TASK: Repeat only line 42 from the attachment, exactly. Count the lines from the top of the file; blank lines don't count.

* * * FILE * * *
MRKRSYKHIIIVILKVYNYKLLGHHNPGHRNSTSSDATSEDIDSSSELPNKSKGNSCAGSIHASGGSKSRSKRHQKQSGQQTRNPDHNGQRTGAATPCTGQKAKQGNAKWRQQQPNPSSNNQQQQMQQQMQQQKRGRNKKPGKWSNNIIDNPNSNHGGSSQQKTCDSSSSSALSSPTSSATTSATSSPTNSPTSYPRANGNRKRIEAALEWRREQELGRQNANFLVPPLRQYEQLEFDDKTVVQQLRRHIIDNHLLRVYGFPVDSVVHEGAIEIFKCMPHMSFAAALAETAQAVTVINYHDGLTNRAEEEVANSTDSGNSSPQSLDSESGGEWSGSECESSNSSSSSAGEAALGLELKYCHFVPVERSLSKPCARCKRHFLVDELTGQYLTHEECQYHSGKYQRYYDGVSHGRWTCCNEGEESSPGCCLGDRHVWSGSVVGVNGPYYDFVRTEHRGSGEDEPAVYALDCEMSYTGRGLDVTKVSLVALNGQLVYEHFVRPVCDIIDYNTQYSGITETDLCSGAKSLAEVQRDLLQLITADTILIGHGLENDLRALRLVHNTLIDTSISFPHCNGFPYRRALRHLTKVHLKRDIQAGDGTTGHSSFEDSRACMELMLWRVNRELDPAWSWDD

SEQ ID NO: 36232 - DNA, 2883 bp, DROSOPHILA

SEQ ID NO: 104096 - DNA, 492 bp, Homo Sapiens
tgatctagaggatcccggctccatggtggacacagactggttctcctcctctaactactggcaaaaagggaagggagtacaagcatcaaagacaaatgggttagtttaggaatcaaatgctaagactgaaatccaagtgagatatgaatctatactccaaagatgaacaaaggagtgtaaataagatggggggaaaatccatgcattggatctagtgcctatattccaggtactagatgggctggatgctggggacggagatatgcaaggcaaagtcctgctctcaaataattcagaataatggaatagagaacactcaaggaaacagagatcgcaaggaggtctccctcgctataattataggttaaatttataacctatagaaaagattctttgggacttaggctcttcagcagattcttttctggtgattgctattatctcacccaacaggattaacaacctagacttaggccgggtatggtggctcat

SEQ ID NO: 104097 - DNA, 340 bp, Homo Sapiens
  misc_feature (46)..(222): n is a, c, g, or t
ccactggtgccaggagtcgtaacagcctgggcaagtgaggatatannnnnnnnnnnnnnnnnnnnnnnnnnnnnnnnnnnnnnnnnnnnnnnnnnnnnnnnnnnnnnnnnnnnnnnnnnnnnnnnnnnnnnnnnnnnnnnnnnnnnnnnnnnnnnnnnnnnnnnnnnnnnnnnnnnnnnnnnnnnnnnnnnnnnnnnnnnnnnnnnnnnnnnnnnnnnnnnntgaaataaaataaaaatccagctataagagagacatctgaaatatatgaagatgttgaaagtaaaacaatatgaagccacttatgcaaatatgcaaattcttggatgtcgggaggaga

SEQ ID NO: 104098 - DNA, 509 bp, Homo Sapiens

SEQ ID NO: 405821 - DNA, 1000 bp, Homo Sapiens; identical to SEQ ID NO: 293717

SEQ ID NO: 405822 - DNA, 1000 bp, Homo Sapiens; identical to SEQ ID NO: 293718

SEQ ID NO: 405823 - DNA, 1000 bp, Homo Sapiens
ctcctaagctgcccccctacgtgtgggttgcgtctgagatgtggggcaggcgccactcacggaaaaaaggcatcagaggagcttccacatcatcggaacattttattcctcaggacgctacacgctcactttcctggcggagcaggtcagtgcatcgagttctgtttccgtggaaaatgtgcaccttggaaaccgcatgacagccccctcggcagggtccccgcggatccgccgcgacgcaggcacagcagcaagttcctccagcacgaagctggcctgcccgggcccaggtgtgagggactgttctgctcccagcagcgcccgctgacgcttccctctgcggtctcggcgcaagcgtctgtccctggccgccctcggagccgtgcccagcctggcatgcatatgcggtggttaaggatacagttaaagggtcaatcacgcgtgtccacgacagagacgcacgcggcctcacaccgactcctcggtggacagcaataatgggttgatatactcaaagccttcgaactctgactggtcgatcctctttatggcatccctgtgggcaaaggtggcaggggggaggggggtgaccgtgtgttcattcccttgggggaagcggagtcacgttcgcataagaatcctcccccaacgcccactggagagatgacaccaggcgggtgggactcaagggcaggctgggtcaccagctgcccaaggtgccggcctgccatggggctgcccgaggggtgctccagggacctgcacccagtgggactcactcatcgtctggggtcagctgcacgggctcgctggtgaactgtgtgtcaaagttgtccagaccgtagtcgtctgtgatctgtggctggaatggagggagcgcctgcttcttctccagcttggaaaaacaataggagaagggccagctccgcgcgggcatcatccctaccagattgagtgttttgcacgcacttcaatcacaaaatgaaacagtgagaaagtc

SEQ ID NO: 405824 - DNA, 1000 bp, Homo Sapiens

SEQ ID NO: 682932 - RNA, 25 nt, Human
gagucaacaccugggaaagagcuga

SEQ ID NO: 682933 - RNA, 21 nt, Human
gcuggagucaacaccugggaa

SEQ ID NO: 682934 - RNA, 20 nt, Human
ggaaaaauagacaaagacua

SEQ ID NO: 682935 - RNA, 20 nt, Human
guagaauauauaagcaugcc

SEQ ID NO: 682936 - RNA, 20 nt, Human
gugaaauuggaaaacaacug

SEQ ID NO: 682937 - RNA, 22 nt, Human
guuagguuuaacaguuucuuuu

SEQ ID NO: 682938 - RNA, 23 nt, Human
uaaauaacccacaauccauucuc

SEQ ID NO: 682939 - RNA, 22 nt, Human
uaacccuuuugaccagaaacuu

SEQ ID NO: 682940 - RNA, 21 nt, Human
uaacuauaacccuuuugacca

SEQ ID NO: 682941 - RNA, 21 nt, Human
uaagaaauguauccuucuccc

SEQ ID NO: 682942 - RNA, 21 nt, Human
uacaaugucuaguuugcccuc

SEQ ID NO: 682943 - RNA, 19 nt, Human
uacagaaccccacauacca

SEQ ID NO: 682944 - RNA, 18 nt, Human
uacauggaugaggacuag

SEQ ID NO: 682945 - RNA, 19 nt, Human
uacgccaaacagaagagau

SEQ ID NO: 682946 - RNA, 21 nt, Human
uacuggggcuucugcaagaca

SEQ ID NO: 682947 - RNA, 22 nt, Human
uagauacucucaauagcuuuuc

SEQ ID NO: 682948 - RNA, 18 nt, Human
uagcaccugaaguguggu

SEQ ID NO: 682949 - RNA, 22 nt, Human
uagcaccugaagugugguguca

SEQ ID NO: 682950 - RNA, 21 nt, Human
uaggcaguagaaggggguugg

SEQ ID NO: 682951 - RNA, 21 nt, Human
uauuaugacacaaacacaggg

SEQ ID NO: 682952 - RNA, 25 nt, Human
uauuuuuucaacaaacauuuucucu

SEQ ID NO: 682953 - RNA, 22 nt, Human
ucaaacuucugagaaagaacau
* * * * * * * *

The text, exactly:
SEQ ID NO: 682946 - RNA, 21 nt, Human